Best-practice how to use UserWarnings?

I’d like to learn for to use UserWarning properly. Implementations in official modules - which I took as an example - use quite different approaches, the documentation shows yet another approach.

My questions are:

  • It is required or recommended to define a custom sub-class of UserWarning?

  • How to form the warning_name (aka key)? Which values should go into the key? Quite different forms used in the code:

    key = Warning.format('post no shipment', [shipment_cost])
    key = '%s post no move' % landed_cost
    key = 'party.replace name %s %s' % (source.id, destination.id)
    key = 'check_request_warehouse_%s_%s_%s' % (
                      self.id, self.warehouse.id, request.warehouse.id)
    key = str(payment)   # account_payment/payment.py
    key = Warning.format('%s:%s' % (reverse[kind], party), lines)  # account_payment/account.py

Yes, so you will be able to catch such specific warning from the calling code

The key is used to identify the warning. It depends a little bit on the kind of warning and if it’s releated to some records but it should be used to identify the warning from the user prespective.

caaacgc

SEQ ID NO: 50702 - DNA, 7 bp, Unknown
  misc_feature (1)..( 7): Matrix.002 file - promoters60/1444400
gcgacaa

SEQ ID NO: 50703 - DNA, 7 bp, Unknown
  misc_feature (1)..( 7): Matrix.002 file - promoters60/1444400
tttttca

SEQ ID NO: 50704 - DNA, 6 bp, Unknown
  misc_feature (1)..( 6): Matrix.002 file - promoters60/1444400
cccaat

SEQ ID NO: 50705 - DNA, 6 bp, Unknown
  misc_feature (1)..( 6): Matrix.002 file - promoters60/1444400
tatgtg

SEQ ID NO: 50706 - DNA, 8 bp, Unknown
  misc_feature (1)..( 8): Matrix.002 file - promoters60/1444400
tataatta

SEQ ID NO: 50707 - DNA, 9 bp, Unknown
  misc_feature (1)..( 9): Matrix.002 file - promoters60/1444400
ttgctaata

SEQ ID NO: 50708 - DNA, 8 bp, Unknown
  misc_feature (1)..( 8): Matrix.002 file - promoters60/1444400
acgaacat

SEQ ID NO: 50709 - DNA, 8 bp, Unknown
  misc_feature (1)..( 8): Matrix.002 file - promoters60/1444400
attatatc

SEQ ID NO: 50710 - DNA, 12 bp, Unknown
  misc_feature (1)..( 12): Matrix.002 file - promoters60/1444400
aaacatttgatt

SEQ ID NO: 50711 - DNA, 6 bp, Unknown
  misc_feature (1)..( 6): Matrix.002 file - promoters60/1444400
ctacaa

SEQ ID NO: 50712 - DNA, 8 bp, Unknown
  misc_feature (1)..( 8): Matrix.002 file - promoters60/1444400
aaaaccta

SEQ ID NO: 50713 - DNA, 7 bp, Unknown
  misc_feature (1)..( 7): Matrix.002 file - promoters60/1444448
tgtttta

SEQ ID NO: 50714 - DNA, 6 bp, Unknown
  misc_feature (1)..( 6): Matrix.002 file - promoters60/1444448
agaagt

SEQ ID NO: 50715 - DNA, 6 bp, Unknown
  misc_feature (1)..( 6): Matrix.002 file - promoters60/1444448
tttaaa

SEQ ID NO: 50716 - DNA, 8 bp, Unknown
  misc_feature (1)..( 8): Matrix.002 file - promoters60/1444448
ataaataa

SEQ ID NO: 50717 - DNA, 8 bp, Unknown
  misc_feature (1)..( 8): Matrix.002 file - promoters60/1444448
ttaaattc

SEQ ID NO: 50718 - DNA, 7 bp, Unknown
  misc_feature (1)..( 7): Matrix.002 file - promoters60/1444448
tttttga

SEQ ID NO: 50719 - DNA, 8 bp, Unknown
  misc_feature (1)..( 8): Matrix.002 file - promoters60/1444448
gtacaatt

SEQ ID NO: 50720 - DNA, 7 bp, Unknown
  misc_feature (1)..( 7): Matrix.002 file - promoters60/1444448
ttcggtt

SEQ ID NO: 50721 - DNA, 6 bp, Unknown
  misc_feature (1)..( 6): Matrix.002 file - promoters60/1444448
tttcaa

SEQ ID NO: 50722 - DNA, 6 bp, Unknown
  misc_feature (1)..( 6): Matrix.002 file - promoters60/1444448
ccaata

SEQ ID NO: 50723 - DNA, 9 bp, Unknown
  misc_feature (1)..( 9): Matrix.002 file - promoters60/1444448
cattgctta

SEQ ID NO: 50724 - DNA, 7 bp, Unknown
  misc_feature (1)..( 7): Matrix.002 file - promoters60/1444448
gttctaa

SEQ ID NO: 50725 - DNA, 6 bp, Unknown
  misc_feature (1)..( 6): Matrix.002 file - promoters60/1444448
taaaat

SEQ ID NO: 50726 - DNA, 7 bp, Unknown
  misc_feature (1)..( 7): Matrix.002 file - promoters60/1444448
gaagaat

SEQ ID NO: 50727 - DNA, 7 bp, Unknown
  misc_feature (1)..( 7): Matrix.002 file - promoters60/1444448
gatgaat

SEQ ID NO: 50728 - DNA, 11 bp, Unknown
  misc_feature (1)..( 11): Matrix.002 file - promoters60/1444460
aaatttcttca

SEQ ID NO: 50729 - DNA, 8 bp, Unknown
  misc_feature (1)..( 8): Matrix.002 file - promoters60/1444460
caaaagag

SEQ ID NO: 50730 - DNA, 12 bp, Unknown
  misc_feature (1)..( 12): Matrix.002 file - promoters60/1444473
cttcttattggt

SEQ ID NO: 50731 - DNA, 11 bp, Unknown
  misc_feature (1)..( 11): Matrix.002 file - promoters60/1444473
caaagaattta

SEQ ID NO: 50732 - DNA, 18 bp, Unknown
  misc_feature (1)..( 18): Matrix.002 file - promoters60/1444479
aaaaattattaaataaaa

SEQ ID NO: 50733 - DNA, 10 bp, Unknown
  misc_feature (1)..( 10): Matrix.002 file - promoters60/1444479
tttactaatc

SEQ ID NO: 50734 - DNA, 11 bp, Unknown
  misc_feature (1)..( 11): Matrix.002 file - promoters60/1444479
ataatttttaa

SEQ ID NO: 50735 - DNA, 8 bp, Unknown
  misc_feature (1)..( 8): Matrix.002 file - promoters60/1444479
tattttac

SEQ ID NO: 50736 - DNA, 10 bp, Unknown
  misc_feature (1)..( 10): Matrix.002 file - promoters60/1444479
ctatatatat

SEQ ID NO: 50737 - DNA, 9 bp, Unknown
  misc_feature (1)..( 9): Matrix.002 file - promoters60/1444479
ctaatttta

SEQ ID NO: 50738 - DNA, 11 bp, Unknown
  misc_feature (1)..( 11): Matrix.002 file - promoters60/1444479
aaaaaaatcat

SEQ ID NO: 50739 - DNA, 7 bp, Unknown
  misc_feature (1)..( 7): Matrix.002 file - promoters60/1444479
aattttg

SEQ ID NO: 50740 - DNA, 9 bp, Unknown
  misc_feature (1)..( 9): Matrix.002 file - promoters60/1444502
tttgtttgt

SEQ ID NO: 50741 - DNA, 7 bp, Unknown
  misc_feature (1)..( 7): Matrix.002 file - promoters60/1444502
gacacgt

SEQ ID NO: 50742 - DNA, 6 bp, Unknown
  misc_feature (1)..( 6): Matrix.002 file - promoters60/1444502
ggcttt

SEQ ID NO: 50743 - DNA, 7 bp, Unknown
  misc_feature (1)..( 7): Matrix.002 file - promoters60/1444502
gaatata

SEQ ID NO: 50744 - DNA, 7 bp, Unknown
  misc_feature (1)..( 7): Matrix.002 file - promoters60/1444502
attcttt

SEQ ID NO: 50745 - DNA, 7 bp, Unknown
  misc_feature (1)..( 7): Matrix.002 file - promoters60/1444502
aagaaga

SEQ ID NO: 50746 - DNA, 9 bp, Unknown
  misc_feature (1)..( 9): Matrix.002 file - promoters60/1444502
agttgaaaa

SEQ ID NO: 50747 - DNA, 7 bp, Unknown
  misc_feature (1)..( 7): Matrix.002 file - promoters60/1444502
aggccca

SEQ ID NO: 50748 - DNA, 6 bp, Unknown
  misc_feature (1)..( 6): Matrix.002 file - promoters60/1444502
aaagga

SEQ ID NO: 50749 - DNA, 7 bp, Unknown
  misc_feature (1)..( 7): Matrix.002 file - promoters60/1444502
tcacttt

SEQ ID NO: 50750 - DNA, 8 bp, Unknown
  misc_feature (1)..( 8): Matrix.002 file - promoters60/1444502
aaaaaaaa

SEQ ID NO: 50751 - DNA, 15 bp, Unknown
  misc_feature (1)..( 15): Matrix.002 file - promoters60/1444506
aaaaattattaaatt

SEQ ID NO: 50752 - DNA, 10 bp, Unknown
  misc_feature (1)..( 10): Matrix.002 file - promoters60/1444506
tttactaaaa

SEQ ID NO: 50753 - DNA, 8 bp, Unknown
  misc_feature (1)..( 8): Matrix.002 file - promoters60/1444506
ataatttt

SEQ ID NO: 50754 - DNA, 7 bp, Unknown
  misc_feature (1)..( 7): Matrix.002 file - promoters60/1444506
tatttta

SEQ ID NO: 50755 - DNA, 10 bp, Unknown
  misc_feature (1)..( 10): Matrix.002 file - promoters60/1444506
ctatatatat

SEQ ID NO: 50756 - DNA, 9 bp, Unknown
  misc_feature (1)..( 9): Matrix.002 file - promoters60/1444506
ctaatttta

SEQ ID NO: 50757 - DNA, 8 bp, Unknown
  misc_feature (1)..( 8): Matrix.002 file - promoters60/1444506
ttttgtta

For example, if the warning is related to some wrong data on some records the key should be unique per set of records. This way the warning is raised for each records that do not satifsty the condition.

On the other hand, if the warning is generic, you can include just a name to it’s key.

The main idea here is that each unique key can be skipped by the user in case the warning is reraised.

Hello,

The thing to be wary about for the key is that the transaction which initiated the warning will be rollbacked, and re-executed “from scratch” if the user clicks “Yes”.

So any id that was allocated will be lost, and new ids will be used.

Bottom line is, if you use an id in your warning key, make sure it refers a record that existed before the current transaction, or else you will be stuck in a loop.

1 Like

Thanks so far.

So the key would be e.g.

key = Warning.format('mymodule.check_conflict',
          [record, conflicting_data_1, conflicting_data_2])

or:

key = 'mymodule.check_conflict,%s,%s,%s' % (
          (record, conflicting_data_1, conflicting_data_2)

Right? Which one is to prefer?

For my use-case I decided to use a readable key, so in the future the database could be cleaned up if the warnings are not longer relevant (e.g. since the record is “closed”, “stopped”, “paid”)

key = 'mymodule.check_conflict,%s,%s,%s' % (
          (record, conflicting_data_1, conflicting_data_2)

The warning records are automatically deleted after usage so there is no point to clean them.
But using Warning.format ensure a standardization and a reproducibility of warning names across systems.

Thanks. I didn’t know (obviously ;-). This is good news.